Artists thank Madiba for creativity
MEMBERS of South Africa’s creative community in Europe yesterday paid tribute to Nelson Mandela’s role in ending apartheid, calling it an historic achievement that allowed creativity to flourish.
“I never thought I’d see apartheid dismantled, and I did,” said choreographer Robyn Orlin, who recently staged her dance show A World Full of Butterflies in Paris.
“I grew up during the struggle and for me it was a miracle, and it gave me a lot of strength.
“By dismantling apartheid he made me realise that things are possible,” she said.
As well as depriving writers, artists and musicians of their human rights, the country’s system of racial segregation also denied them the stimulus of contact with their counterparts in the interna- tional community during the 1980s.
A UN-approved cultural boycott in protest against apartheid came into effect in December 1980, and saw many big names shun the country.
UN Resolution 35/ 206 asked states to “prevent all cultural, academic, sporting and other exchanges with South Africa”.
Performers and writers were urged to personally boycott South Africa and academic and cultural institutions requested to sever links.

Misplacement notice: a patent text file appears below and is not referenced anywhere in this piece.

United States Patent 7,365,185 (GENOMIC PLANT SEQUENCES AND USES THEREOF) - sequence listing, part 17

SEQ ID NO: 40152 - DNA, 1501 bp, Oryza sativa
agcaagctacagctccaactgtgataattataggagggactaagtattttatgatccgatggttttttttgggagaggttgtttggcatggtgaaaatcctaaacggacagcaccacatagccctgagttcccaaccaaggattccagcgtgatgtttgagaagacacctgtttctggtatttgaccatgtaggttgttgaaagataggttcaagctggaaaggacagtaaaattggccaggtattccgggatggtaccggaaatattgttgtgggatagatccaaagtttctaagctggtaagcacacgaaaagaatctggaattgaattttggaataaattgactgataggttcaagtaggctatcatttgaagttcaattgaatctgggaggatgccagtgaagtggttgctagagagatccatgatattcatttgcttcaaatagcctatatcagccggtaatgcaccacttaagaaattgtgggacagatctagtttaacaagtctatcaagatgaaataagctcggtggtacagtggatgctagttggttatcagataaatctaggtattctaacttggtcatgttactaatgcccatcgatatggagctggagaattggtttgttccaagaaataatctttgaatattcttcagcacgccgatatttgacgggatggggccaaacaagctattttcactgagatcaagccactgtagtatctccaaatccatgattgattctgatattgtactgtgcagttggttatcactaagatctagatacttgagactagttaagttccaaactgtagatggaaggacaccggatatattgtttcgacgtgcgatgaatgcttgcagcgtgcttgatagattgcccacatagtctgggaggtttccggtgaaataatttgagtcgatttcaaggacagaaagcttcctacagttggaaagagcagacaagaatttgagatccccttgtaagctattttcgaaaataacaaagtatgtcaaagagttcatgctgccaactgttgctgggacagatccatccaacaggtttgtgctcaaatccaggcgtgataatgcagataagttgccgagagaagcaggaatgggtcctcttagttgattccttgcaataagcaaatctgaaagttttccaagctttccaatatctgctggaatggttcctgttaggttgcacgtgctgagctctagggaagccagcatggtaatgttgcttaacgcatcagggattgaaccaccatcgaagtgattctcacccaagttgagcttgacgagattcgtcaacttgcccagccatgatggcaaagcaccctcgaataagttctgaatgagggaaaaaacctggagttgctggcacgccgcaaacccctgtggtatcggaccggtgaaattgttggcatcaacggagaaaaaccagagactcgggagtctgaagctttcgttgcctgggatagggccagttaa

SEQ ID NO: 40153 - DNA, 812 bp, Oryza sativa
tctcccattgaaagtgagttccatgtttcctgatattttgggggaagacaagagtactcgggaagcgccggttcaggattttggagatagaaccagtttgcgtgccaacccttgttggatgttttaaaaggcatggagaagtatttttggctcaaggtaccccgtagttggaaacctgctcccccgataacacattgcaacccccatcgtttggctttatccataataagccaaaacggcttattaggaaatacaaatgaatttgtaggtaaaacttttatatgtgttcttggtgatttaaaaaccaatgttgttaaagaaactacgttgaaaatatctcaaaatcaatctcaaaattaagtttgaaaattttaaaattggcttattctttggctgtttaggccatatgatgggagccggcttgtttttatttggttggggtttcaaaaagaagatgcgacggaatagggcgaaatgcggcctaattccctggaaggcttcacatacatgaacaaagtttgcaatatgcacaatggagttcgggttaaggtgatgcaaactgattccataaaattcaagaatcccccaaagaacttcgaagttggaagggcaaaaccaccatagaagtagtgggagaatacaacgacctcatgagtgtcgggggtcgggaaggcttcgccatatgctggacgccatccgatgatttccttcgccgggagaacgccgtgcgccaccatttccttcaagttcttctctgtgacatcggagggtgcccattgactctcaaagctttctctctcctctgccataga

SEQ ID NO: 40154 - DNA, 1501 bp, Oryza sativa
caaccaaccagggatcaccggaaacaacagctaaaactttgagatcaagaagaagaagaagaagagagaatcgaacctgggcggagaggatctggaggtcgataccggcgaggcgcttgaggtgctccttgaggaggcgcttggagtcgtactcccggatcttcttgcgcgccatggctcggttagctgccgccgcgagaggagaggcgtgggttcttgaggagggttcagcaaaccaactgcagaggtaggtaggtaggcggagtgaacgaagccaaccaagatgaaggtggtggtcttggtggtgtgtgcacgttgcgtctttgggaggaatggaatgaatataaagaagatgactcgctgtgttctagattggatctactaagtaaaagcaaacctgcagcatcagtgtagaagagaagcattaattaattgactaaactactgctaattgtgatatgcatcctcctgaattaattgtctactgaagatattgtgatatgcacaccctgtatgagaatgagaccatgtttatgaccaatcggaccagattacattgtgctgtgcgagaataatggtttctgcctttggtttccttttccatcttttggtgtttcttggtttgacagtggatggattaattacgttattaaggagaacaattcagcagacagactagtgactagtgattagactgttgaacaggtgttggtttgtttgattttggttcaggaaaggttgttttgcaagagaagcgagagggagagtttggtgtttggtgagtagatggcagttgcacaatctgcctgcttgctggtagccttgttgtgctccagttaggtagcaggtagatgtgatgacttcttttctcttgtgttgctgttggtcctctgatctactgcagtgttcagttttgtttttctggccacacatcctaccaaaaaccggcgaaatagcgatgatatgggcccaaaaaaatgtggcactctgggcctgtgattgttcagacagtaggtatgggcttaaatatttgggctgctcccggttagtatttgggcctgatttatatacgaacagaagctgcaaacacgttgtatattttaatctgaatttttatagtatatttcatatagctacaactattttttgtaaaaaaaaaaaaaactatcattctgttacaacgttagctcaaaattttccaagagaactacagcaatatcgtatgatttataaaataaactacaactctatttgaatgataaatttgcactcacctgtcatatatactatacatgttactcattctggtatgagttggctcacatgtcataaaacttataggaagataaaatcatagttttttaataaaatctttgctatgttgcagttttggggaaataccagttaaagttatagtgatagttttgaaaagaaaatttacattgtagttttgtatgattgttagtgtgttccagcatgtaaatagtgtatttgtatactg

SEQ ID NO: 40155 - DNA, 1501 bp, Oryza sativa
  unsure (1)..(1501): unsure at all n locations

US singer Paul Simon provoked controversy when he recorded some tracks for his 1986 Graceland album in South Africa with black musicians.
Actress Lindiwe Matshikiza, 30, who played Mandela’s daughter Zindzi in the new film Mandela: Long Walk to Freedom, lived in exile overseas with her family until the end of apartheid in 1991, when she was eight.
She said she could never have had the life she enjoys today under apartheid.
“Certainly, something like (what) I’m doing today – working in France with a company and being able to come and go as much as I please and feeling entitled to the world – it was not the case for someone my age living 30, 40, 50 years ago,” she said.
Poet Ronelda Kamfer, 32, who grew up in a poor family in the Western Cape, said there would have been no question of her becoming a poet without the education the new South Africa afforded.
Kamfer, who has just finished a stint as a writer in residence for a project in La Rochelle in south-west France, said her education gave her the academic skills and selfbelief to pursue her ambitions.
“There was a sense of we could be anything we wanted to be.
“Even though my parents didn’t have any money, I believed that because apartheid had ended there were these possibilities.”
And having the education her parents and grandparents had been denied, motivated her to tell their stories. “I felt a sense of wanting to honour them, because my grandparents were great story-tellers but no-one could write these stories down, so I felt it was up to me.”
Brett Bailey, whose performance installation Exhibit B about colonial atrocities in Africa was shown in Paris last month, said that growing up under apartheid meant politics underpinned all his work.
Speaking at the time, he said Mandela’s legacy had begun to falter and he was not optimistic about the future of the new South Africa. – Sapa-AFP
Free: Lindiwe Matshikiza